Sen. Dianne Feinstein Blames ‘Bad Cold’ for Why She Released Fusion GPS Testimony

Sen. Dianne Feinstein listens to remarks from Republican senators during the Senate Judiciary Committee's 'markup' on the nomination of Sen. Jeff Sessions to be the next Attorney General of the U.S. January 31, 2017 in Washington, DC. The nomination of Sessions to be the next Attorney General has been complicated …
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Sen. Dianne Feinstein (D-CA), the Senate’s oldest currently sitting senator, blamed a “bad cold” that might have impaired her mental faculties, leading to her releasing Fusion GPS co-founder Glenn Simpson’s testimony without giving Senate Judiciary Chairman Chuck Grassley (R-IA) advanced notice.

Feinstein told NBC News, “The one regret I have is that I should have spoke with Senator Grassley before. And I don’t make an excuse but I’ve had a bad cold and maybe that slowed down my mental facilities [sic] a little bit.”

On Thursday Feinstein told reporters that she denied claims that she said she was “pressured” to release the Simpson transcript.

“I made no statement to that effect,” Feinstein said.

Reporters then rebuked her, suggesting that reporters have recordings of her arguing that she was “pressured.” The California senator replied, ” I don’t believe there are. I don’t believe I said that.”

“It appears in one place, and I saw it, and I’m just telling you, you asked me the question, and the question is, it’s not correct,” Feinstein added.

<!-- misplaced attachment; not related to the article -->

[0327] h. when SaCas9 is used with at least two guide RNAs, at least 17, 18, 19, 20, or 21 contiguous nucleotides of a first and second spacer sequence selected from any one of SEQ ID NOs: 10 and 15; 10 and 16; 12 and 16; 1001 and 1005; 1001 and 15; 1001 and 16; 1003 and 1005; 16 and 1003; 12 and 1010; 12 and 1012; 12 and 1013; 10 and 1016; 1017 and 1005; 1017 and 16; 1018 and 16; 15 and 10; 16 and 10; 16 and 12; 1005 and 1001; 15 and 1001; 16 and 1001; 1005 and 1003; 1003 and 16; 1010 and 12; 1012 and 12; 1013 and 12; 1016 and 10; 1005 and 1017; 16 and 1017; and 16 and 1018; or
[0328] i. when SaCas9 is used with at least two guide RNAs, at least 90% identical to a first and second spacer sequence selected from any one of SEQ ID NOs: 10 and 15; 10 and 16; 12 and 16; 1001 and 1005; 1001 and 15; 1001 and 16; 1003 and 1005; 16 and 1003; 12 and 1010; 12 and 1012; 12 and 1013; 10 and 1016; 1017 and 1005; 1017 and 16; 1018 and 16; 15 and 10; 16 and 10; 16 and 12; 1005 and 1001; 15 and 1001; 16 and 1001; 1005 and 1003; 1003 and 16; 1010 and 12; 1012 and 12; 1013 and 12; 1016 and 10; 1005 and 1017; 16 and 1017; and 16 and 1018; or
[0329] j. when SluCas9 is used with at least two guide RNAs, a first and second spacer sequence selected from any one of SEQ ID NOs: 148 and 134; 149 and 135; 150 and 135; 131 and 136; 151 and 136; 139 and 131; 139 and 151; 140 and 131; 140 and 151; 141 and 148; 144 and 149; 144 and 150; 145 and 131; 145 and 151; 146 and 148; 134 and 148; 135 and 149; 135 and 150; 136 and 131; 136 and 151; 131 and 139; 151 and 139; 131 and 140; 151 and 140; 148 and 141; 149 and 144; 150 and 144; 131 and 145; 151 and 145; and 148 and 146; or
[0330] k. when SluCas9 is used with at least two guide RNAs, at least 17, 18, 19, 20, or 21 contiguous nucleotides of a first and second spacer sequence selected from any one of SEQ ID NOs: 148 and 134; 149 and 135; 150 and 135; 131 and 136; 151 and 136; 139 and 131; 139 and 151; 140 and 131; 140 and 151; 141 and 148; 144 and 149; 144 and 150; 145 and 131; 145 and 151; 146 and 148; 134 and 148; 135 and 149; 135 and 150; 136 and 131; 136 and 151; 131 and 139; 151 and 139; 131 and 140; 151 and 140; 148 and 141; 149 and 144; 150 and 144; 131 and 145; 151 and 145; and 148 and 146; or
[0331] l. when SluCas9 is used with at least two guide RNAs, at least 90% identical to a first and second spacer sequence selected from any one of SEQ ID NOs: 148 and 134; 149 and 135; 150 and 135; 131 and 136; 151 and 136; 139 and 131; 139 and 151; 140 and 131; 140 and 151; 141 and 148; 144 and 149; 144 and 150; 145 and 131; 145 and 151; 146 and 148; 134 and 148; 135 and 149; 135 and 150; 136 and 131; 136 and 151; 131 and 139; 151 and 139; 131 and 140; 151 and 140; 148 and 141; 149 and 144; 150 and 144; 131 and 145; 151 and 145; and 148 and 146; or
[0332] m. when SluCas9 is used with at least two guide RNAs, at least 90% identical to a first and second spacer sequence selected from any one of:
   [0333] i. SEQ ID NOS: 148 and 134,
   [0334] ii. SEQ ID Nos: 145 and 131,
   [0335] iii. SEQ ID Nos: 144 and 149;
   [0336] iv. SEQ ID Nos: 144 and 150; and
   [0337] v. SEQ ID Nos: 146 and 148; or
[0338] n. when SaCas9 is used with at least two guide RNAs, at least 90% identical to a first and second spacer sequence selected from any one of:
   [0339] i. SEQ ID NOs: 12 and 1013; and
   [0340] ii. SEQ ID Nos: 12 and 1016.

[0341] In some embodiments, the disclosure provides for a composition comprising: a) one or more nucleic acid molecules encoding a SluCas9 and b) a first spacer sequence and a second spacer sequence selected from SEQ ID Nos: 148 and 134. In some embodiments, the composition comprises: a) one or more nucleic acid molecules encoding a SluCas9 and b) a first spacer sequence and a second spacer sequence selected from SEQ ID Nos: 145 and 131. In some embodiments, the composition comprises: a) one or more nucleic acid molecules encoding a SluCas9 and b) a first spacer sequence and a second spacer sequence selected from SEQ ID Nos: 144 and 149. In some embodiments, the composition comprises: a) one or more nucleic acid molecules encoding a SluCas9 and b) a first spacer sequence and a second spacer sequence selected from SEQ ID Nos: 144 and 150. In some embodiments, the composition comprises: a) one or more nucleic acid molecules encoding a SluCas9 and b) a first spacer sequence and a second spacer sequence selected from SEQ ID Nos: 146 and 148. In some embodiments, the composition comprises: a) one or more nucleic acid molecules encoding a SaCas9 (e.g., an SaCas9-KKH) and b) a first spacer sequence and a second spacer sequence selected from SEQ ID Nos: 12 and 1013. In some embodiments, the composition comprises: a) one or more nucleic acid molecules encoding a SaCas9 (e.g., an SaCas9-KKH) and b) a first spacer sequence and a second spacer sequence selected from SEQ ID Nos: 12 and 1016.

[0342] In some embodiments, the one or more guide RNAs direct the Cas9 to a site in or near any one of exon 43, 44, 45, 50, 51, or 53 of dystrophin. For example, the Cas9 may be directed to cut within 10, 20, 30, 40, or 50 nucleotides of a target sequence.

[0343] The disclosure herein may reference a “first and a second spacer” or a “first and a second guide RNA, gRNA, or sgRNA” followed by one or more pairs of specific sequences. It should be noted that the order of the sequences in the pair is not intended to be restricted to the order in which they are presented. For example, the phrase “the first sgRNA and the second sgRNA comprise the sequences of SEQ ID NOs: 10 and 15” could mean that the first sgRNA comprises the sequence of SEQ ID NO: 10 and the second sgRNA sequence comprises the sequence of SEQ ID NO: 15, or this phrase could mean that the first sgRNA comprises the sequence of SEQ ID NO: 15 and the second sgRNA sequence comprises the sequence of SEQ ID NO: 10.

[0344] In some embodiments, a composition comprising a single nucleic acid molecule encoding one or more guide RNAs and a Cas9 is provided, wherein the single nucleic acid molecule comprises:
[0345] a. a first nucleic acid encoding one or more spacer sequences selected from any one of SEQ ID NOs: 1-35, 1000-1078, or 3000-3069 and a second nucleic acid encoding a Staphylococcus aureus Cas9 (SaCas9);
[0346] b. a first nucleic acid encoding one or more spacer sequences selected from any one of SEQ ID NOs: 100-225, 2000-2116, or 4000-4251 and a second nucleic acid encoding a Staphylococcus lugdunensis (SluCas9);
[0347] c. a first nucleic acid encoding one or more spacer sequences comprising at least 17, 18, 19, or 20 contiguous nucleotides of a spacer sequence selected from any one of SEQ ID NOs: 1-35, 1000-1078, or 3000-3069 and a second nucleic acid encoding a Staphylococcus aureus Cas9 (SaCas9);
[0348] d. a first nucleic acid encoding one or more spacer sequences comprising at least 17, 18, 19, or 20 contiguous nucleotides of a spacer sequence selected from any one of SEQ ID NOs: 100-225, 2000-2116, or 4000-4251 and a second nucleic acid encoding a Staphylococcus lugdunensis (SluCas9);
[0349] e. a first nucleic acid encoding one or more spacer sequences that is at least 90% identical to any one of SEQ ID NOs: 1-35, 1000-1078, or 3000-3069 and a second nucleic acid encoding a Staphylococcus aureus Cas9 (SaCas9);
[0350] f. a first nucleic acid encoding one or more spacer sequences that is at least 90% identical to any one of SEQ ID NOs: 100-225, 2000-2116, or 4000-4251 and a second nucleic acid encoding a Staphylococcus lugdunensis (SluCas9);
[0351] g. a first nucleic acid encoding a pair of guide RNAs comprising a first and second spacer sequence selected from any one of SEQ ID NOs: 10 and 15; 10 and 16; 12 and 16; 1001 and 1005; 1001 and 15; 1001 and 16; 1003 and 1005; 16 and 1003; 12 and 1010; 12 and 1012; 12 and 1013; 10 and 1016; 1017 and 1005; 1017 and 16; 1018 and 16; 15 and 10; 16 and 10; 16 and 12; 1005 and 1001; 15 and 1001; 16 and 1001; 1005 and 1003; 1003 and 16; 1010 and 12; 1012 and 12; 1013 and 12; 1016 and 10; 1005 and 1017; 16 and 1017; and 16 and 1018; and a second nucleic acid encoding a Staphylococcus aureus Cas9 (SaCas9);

Sen. Feinstein, 84, already plans to run for a fifth full term that would last until she is 91. California States Senate President Kevin de Leon (D-Los Angeles) will run against Sen. Dianne Feinstein in 2018 in the Senate midterm elections.

Feinstein published the Fusion GPS co-founder’s testimony to the Senate Judiciary Committee shortly after a bipartisan meeting at the White House to discuss a potential solution for the beneficiaries of the Obama administration’s Deferred Action for Childhood Arrivals (DACA)program, which President Trump has ended, effective March 6.

Sen. Feinstein told reporters on Wednesday, “I meant to tell him, and I didn’t have a chance to tell him, and that concerns me. I just got pressured, and I didn’t do it.”

The California Democrat rejected a tweet by President Trump earlier Thursday suggesting that she broke the law by releasing Simpson’s testimony.

“I didn’t do anything illegal. … That transcript has become so abused that time has come for people to take a look at it,” Feinstein added.

Sen. Feinstein released Simpson’s testimony on Tuesday despite Grassley’s opposition. Simpson had requested that the testimony be released in a New York Times op-ed.

Feinstein said in a statement, “The American people deserve the opportunity to see what he said and judge for themselves. The innuendo and misinformation circulating about the transcript are part of a deeply troubling effort to undermine the investigation into potential collusion and obstruction of justice.”

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